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Oscars Get Political, As Acceptance Speeches Wade Into Social Issues


This is a morning to marvel at who won Oscars last night and who didn't quite. "Boyhood" was a deeply moving film but did not win best picture. "Grand Budapest Hotel" did OK, but Bill Murray really should have won for best supporting hotel concierge. Those who did manage big wins at the Academy Awards included "Birdman." Michael Keaton plays a movie star trying to make a comeback on stage in New York.


EMMA STONE: (As Sam) You're not important. Get used to it.

BENJAMIN KANES: (As Young Birdman) We'll make a comeback. You can do it. You hear me? You are Birdman.

INSKEEP: NPR's Mandalit del Barco has more on the Oscars.

MANDALIT DEL BARCO, BYLINE: "Birdman" flew away with four Academy Awards. The best picture winner had been filmed to seem like one seamless shot, and that earned its cinematographer, Emmanuel Chivo Lubezki, an Oscar an unprecedented two years in a row. Writer and director Alejandro Gonzalez Inarritu picked up an award for his screenplay and another as best director.


ALEJANDRO GONZALEZ INARRITU: Tonight, I am wearing the real Michael Keaton tighty whities.


DEL BARCO: Inarritu didn't just joke about his lead actor's costume in the film. He also talked backstage about the challenge of getting an unusual film like this made. When he accepted his best director award on stage, he dedicated it to his fellow Mexicans.


INARRITU: I pray that we can find and build the government that we deserve. And the ones that live in this country who are part of the latest generation of immigrants in this country, I just pray that they can be treated with the same dignity and respect of the ones who came before and built this incredible immigrant nation. Thank you very much.


DEL BARCO: Wes Anderson's quirky comedy "The Grand Budapest Hotel" won four Oscars for its costume design, makeup and hair styling, production design and best original score by Alexander Desplat. All the other best picture nominees came away with at least one award. "American Sniper," the biggest box office draw of the group, won for best sound editing. But "Whiplash," a movie that didn't sell many tickets, picked up three awards, including one for best supporting actor J.K. Simmons. In the best actress category, Julianne Moore won for her role as a professor who is coping with the early stages of Alzheimer's disease.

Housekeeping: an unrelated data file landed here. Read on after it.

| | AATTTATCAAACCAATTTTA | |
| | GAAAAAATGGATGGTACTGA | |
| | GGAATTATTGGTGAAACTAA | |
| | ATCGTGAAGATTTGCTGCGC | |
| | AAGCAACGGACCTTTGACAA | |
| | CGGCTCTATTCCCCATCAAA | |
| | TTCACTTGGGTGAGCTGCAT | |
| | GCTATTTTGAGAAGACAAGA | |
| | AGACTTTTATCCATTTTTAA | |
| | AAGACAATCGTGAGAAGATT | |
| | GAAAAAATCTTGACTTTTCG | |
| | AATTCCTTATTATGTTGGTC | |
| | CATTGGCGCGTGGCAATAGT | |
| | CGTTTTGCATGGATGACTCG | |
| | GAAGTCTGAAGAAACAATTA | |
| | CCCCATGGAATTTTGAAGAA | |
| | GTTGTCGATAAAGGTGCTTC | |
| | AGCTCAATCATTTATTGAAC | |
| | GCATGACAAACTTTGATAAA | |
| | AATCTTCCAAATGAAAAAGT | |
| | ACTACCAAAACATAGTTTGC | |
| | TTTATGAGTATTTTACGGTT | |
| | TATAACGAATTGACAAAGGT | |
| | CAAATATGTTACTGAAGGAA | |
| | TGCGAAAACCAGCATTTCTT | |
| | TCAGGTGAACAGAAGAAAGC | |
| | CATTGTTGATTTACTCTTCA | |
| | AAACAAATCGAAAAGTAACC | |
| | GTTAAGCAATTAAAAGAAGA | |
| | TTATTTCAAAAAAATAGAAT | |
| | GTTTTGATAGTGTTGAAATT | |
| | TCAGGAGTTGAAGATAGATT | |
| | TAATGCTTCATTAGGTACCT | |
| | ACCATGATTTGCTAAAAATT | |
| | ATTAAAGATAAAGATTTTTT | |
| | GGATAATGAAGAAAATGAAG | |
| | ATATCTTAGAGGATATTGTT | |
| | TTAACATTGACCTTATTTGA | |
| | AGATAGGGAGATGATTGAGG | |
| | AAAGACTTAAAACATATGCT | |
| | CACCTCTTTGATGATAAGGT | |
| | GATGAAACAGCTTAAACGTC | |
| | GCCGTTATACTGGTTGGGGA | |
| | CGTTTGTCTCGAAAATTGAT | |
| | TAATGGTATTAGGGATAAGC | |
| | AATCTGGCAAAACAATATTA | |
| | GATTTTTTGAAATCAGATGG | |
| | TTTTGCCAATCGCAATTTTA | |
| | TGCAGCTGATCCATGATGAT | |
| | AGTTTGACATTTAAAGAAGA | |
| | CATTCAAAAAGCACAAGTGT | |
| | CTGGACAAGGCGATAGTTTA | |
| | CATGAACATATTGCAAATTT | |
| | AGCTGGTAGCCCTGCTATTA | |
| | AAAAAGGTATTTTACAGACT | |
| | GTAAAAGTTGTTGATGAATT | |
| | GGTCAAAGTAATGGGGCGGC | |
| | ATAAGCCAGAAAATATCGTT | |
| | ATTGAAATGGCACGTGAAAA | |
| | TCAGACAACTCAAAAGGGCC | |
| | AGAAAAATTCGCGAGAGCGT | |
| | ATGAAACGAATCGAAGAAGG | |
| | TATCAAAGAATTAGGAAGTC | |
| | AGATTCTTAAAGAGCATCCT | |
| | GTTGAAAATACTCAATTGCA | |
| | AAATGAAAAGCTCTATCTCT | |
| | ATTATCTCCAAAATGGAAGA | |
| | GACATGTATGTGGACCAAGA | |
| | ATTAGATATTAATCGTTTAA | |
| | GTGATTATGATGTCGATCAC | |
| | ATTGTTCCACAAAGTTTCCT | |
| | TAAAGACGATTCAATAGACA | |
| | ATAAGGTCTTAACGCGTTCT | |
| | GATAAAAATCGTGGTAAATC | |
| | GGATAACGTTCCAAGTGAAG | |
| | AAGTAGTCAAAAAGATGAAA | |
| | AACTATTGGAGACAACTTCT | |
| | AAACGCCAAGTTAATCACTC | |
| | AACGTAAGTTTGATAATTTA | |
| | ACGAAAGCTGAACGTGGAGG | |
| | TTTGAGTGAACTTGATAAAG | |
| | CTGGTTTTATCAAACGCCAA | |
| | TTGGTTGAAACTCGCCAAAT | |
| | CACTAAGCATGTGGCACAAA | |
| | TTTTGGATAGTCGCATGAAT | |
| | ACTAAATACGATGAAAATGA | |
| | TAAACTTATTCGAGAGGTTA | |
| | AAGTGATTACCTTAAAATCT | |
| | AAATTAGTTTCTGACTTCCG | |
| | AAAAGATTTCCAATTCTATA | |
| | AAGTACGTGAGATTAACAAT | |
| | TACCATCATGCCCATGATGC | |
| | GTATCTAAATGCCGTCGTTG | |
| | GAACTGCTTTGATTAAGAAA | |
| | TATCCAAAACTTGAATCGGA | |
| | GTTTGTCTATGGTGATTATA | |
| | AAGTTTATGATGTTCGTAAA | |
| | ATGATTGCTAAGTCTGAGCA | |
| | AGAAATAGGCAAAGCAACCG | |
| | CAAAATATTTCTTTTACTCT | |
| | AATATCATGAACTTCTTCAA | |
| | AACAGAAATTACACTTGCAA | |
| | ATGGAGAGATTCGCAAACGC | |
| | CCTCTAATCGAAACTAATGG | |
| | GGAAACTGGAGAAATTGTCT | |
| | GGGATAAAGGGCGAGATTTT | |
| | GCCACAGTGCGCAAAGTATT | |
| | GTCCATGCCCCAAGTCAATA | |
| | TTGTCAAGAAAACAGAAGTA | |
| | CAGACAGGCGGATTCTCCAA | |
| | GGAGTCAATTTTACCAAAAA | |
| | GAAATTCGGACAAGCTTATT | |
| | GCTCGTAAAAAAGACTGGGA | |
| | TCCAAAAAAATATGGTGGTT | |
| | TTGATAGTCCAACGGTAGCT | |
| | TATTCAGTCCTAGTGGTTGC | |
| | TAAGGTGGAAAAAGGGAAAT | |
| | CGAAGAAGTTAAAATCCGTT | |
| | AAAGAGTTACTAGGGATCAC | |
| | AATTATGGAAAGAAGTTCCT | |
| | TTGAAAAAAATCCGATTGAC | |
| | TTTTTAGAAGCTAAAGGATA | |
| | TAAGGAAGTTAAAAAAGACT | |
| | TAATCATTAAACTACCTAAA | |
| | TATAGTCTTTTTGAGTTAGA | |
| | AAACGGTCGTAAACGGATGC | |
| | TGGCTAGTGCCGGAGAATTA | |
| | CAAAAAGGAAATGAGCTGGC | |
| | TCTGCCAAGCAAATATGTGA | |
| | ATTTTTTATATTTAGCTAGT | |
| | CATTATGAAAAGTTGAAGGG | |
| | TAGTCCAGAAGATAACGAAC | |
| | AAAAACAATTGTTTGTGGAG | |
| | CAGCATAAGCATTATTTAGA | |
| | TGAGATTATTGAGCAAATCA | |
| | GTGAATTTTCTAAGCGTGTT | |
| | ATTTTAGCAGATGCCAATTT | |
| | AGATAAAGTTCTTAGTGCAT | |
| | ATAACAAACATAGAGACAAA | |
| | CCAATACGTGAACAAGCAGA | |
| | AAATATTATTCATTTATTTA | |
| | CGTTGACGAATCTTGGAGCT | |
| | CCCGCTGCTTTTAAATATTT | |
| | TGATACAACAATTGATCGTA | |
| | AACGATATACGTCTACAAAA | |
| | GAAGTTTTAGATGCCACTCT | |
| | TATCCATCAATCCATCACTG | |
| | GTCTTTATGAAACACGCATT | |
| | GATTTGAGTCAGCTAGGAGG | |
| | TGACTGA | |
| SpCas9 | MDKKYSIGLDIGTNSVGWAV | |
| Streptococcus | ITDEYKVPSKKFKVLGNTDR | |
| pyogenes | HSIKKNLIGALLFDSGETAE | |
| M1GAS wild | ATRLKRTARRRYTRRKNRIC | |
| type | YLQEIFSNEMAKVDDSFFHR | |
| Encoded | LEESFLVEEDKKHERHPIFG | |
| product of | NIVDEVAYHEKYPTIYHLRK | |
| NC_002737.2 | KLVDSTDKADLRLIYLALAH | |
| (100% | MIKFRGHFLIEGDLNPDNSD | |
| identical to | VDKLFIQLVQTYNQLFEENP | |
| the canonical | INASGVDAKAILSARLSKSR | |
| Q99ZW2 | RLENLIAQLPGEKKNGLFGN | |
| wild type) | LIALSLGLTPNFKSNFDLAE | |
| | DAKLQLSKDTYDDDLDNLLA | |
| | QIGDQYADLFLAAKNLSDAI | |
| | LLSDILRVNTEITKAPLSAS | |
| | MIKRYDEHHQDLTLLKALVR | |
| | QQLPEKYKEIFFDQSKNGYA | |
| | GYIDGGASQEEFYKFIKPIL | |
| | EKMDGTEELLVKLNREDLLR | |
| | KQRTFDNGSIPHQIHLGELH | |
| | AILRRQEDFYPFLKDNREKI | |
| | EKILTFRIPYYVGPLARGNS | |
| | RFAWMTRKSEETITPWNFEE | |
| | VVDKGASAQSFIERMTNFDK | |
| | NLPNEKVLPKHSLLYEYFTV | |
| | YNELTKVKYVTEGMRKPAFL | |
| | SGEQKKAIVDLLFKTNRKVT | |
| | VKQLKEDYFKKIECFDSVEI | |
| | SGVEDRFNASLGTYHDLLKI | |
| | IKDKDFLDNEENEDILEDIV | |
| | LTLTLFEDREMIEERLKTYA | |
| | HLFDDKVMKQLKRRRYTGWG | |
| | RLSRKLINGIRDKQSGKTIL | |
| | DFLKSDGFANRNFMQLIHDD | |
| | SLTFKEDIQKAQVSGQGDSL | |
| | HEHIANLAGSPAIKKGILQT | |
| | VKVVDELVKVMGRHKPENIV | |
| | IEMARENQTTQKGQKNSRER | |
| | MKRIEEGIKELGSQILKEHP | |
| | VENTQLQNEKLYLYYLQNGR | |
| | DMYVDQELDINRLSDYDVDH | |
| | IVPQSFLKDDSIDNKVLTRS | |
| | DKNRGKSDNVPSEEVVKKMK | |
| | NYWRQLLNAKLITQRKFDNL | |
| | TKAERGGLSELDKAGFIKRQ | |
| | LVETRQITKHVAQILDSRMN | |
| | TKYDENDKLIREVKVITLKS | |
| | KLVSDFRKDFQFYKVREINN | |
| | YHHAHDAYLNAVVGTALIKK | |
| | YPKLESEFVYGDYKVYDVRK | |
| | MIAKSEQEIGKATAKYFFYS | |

JULIANNE MOORE: Thank you so much. I read an article that said that winning an Oscar could lead to living five years longer. If that's true, I'd really like to thank the Academy because my husband is younger than me.

DEL BARCO: British actor Eddie Redmayne got his award for portraying theoretical physicist Stephen Hawking. Backstage, Redmayne talked about training and dance for the physically challenging role. Onstage, he seemed blown away.


EDDIE REDMAYNE: This Oscar - wow...


REDMAYNE: This Oscar - this belongs to all of those people around the world battling ALS.

DEL BARCO: Another best picture nominee "The Imitation Game" is the true story of code breaker and pioneering computer scientist Alan Turing, who was prosecuted for being a gay man in 1950's England. Graham Moore adapted Turing's biography into a screenplay that earned an Oscar. His acceptance speech was also dramatic.


GRAHAM MOORE: When I was 16 years old, I tried to kill myself because I felt weird and I felt different and I felt like I did not belong, and now I'm standing here. And so I would like for this moment to be for that kid out there who feels like she's weird or she's different or she doesn't fit in anywhere - yes, you do. I promise you do - you do - stay weird, stay different, and then when it's your turn and you are standing on this stage, please pass the same message to the next person who comes along. Thank you so much.